Please use this identifier to cite or link to this item:
|Title:||An evaluation of the planning program using goal attainment scaling|
Behavioural & Social Sciences in Health
goal attainment scaling
|Abstract:||Therapists providing individualised programs in rehabilitation are increasingly challenged to document and present the outcomes and effectiveness of their services. For program evaluation to be feasible, a methodology is required that is compatible with the characteristics, demands and priorities of clients as well as therapy environments. Goal attainment scaling is a method to evaluate services based on the attainment of individual client or program goals. This method was used to evaluate the effectiveness of a home based, individualised, cognitive rehabilitation intervention for an eight year old boy, long term after traumatic brain injury. The child and family participated in the Planning Program, designed to teach compensatory strategies for planning and to support these with minor environmental modifications. Background information and an analysis of the theory and model behind the Planning Program are presented. The evaluation results revealed an overall goal attainment scale score (T score) of 68.70, indicating that the overall program goal had been accomplished, at above the expected level. The implications, advantages and disadvantages of goal attainment scaling as a method to evaluate individualised programs in paediatric brain injury rehabilitation are discussed.|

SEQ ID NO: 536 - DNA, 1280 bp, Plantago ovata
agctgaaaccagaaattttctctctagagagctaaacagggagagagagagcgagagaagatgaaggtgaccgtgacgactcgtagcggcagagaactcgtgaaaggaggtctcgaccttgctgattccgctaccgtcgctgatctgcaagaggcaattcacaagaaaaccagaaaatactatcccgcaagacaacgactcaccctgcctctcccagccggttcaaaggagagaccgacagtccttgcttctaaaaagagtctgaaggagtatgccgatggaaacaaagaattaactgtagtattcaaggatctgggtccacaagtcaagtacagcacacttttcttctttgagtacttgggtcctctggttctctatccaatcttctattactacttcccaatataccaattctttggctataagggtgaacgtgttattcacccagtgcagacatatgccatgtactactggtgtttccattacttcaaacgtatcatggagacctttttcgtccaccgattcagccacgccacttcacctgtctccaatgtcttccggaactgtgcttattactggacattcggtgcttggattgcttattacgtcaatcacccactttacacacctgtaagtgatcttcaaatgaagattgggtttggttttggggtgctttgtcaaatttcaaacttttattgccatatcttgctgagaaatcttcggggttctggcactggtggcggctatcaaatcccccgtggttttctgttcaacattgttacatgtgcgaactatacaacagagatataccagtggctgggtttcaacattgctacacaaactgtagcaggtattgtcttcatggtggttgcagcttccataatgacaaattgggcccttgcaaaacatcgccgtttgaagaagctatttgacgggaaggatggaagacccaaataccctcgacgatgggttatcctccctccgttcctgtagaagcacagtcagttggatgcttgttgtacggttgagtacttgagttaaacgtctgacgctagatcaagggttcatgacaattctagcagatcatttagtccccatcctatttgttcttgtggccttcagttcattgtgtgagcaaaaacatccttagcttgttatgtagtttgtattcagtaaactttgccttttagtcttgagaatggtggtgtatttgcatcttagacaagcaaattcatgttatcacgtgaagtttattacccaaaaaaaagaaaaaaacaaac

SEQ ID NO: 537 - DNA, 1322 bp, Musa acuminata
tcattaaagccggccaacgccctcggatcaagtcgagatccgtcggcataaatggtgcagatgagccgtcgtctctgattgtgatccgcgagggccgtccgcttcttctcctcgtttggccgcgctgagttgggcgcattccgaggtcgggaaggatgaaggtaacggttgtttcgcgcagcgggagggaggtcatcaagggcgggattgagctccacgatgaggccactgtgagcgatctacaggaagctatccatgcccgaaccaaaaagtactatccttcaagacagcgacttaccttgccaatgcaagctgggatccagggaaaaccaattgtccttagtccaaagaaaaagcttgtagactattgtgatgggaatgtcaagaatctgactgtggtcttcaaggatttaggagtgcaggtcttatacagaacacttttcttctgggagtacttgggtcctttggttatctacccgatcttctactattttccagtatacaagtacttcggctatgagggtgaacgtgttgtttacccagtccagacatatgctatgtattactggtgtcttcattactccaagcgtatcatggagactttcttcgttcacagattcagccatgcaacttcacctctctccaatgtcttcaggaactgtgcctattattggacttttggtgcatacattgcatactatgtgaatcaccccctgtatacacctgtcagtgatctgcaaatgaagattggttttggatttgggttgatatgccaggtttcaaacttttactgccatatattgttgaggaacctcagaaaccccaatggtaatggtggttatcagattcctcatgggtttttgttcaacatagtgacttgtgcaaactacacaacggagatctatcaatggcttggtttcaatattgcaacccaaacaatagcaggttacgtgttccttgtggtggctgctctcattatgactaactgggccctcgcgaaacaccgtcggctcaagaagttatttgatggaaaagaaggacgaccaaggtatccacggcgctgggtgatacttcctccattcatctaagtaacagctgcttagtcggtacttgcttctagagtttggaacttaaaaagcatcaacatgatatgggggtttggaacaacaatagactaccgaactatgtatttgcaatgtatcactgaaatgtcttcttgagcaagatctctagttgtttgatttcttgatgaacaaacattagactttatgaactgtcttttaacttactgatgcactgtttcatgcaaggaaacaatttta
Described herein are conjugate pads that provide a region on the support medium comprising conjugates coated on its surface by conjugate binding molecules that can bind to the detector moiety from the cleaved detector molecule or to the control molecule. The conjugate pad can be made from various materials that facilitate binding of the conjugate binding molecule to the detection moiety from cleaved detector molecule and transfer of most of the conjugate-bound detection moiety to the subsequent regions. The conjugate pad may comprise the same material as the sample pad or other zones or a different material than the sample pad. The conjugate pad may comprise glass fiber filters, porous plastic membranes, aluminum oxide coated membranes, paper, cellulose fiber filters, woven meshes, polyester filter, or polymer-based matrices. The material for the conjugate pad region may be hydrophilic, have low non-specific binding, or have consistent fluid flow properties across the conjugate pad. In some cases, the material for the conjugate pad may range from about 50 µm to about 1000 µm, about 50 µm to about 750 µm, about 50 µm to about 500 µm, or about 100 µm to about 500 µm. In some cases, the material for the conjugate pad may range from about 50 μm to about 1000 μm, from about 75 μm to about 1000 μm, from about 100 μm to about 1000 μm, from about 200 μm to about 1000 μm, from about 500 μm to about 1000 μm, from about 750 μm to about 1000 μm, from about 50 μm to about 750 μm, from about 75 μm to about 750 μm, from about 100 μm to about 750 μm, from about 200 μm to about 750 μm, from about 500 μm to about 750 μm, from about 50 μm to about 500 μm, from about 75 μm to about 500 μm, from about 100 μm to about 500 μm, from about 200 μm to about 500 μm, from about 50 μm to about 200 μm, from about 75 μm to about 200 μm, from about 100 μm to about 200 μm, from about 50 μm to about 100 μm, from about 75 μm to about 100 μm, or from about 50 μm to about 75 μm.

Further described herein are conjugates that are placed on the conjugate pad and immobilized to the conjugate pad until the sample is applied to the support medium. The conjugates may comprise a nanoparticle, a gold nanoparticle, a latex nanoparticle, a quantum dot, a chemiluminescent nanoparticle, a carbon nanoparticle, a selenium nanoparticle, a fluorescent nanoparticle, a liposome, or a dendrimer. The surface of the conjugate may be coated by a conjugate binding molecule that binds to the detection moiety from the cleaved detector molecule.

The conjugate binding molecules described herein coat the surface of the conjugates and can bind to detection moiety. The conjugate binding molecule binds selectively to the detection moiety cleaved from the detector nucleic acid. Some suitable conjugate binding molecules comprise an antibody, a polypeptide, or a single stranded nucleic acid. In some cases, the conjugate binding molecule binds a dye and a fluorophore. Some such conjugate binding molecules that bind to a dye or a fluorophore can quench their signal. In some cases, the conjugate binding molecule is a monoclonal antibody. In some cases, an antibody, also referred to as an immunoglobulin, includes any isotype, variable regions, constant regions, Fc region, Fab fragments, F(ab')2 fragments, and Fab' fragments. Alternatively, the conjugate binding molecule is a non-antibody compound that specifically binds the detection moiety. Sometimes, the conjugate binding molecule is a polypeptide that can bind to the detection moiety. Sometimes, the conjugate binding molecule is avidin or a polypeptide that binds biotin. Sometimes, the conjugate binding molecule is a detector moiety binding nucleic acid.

|Description:||This work was digitised and made available on open access by Yooroang Garang, the School of Indigenous Health Studies; the University of Sydney; and Sydney eScholarship. It may only be used for the purposes of research and study. Where possible, the School will try to notify the author of this work. If you have any inquiries or issues regarding this work being made available please contact the Sydney eScholarship Repository Coordinator - firstname.lastname@example.org|
|Department/Unit/Centre:||Behavioural & Social Sciences in Health|
|Rights and Permissions:||The author retains copyright of this thesis|
|Type of Work:||Thesis|
|Appears in Collections:||Honours and Postgraduate Coursework theses – Health Sciences|
This work is protected by Copyright. All rights reserved. Access to this work is provided for the purposes of personal research and study. Except where permitted under the Copyright Act 1968, this work must not be copied or communicated to others without the express permission of the copyright owner. Use the persistent URI in this record to enable others to access this work.
|MITCHELL_T_EVALUATION.pdf||7.61 MB||Adobe PDF||View/Open|
Items in Sydney eScholarship Repository are protected by copyright, with all rights reserved, unless otherwise indicated.